[Marxism] This is no recovery, this is a bubble – and it will burst | Ha-Joon Chang | Comment is free | The Guardian

Louis Proyect lnp3 at panix.com
Tue Feb 25 03:54:46 MST 2014

This time around, no one is offering a new narrative justifying the new 
bubbles because, well, there isn't any plausible story. Those stories 
that are generated to encourage the share price to climb to the next 
level have been decidedly unambitious in scale and ephemeral in nature: 
higher-than-expected growth rates or number of new jobs created; 
brighter-than-expected outlook in Japan, China, or wherever; the arrival 
of the "super-dove" Janet Yellen as the new chair of the Fed; or, 
indeed, anything else that may suggest the world is not going to end 

Few stock market investors really believe in these stories. Most 
investors know that current levels of share prices are unsustainable; it 
is said that George Soros has already started betting against the US 
stock market. They are aware that share prices are high mainly because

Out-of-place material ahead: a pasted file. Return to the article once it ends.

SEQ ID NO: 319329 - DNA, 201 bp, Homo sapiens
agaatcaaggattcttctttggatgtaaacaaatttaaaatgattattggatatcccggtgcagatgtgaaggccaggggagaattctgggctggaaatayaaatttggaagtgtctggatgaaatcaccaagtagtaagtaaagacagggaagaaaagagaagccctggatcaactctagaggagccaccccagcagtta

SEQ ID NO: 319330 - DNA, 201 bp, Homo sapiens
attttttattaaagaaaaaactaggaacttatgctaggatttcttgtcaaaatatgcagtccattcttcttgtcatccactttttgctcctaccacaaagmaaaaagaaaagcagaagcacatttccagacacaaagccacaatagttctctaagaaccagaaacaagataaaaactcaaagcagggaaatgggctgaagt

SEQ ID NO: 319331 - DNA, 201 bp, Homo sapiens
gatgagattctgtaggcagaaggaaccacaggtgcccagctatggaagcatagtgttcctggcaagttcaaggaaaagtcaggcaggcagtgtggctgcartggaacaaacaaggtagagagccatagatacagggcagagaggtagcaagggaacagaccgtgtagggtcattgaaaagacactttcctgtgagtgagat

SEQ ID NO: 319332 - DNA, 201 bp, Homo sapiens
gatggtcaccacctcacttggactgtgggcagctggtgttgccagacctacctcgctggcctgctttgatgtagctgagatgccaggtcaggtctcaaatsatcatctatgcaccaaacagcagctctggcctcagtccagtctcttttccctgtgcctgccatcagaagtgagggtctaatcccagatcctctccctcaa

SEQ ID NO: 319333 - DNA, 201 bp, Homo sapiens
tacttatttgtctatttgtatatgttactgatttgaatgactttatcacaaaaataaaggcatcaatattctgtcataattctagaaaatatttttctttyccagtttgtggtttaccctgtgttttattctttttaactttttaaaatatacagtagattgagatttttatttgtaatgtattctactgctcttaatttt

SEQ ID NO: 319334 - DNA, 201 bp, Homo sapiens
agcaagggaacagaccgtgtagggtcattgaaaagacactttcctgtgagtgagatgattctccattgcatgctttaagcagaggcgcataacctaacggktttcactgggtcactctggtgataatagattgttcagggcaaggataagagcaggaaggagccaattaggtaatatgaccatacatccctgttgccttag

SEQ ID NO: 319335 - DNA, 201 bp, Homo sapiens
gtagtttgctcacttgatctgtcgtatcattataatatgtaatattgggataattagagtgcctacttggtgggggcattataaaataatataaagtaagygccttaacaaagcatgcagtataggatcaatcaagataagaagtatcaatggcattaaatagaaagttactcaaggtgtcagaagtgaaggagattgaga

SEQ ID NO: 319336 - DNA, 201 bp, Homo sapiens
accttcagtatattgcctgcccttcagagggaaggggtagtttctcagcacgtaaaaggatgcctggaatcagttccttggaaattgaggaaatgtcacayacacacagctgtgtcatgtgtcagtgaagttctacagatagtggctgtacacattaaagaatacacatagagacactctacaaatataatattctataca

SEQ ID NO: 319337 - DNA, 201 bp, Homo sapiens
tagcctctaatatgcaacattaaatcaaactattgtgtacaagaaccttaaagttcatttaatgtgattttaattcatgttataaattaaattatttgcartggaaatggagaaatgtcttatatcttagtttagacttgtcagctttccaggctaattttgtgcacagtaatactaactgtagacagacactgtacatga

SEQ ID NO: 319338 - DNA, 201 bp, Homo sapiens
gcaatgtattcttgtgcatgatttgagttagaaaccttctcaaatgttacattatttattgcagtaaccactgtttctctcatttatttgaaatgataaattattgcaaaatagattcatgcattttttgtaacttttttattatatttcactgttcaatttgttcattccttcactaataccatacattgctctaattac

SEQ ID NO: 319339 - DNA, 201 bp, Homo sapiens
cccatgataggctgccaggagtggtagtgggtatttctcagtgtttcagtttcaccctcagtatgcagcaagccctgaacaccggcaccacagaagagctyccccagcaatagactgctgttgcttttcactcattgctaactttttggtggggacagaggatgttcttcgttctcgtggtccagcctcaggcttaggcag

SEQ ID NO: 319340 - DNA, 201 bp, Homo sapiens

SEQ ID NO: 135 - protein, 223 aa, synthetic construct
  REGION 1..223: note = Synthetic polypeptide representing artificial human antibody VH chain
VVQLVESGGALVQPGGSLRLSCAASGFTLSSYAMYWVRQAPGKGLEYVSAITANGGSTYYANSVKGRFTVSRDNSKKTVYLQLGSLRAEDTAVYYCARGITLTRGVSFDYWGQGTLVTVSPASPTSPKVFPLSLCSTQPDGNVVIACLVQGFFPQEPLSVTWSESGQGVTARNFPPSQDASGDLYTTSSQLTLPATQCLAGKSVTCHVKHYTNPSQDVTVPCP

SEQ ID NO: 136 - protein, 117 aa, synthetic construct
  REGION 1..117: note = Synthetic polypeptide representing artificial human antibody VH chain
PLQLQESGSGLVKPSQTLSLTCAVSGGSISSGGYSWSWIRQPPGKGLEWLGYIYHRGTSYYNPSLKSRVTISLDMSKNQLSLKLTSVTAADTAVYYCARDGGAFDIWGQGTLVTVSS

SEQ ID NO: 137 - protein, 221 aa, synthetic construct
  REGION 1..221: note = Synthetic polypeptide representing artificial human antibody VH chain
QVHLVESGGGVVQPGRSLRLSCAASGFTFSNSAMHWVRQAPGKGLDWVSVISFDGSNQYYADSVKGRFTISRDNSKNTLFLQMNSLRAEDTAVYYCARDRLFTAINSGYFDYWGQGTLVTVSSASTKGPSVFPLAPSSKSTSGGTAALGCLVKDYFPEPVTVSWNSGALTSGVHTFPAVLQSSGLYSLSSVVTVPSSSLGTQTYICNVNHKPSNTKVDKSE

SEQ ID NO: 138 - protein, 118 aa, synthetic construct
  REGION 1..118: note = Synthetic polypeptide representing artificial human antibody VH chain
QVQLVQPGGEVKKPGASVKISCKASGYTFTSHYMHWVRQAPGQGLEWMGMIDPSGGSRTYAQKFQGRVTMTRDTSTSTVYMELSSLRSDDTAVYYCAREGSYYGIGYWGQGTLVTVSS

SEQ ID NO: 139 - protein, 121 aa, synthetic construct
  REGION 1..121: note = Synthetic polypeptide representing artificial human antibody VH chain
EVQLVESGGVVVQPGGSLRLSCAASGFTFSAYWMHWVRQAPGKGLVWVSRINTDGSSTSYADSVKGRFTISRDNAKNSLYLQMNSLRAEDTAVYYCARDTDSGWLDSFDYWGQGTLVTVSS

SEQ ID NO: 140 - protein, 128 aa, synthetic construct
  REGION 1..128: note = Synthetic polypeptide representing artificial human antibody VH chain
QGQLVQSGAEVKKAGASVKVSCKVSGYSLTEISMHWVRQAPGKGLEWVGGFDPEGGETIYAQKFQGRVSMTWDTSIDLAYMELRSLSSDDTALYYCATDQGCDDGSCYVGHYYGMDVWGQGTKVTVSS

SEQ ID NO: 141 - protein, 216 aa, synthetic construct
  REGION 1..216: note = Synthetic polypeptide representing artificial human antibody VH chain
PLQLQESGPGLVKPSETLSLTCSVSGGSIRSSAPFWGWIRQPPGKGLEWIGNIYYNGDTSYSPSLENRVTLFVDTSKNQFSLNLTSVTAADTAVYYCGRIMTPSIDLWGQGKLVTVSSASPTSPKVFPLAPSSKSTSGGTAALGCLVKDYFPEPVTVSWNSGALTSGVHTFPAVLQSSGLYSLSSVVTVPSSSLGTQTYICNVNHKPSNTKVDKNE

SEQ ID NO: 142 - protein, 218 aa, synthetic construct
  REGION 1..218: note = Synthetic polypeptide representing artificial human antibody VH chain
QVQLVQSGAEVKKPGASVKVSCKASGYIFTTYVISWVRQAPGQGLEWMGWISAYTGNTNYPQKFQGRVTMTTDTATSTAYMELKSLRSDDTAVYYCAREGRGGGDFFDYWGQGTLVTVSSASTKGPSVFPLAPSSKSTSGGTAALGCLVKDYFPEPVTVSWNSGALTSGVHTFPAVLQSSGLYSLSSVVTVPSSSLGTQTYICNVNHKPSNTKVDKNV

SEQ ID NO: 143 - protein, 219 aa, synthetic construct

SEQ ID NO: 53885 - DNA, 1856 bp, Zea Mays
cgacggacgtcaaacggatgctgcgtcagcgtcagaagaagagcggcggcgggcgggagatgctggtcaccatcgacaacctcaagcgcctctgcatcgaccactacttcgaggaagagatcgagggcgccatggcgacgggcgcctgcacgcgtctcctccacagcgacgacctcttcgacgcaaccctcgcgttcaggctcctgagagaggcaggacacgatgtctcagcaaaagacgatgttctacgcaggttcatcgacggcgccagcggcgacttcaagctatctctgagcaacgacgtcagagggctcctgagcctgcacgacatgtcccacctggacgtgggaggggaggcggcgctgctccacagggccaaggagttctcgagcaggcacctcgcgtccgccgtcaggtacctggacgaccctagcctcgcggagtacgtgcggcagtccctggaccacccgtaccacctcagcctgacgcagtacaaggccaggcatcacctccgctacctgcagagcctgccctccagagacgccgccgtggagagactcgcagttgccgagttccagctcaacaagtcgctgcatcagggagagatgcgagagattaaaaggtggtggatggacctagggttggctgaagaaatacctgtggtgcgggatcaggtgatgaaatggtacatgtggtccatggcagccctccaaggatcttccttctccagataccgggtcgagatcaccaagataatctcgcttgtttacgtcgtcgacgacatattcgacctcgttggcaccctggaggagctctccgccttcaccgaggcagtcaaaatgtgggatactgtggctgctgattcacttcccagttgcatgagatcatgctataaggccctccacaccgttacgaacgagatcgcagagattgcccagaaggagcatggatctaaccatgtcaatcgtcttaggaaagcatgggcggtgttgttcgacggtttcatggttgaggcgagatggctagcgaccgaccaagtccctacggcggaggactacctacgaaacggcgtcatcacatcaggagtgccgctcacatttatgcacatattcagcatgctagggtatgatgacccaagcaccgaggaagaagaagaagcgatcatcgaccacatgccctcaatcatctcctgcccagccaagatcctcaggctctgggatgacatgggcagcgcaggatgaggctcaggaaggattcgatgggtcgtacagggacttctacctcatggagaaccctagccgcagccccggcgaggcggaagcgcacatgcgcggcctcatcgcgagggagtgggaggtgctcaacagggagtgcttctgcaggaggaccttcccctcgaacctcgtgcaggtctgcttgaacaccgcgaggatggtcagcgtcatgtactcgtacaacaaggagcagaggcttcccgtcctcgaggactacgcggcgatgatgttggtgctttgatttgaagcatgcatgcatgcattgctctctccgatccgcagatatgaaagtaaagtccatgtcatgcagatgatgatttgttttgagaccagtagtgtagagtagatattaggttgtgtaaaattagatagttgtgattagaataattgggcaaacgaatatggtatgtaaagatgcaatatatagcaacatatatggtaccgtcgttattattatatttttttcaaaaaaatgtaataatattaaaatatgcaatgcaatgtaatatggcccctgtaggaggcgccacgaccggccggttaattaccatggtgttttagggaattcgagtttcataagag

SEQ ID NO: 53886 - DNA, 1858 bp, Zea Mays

of the huge amount of money sloshing around thanks to quantitative 
easing (QE), not because of the strength of the underlying real economy. 
This is why they react so nervously to any slight sign that QE may be 
wound down on a significant scale.

However, stock market investors pretend to believe – or even have to 
pretend to believe – in those feeble and ephemeral stories because they 
need those stories to justify (to themselves and their clients) staying 
in the stock market, given the low returns everywhere else.

The result, unfortunately, is that stock market bubbles of historic 
proportion are developing in the US and the UK, the two most important 
stock markets in the world, threatening to create yet another financial 
crash. One obvious way of dealing with these bubbles is to take the 
excessive liquidity that is inflating them out of the system through a 
combination of tighter monetary policy and better financial regulation 
against stock market speculation (such as a ban on shorting or 
restrictions on high-frequency trading). Of course, the danger here is 
that these policies may prick the bubble and create a mess.


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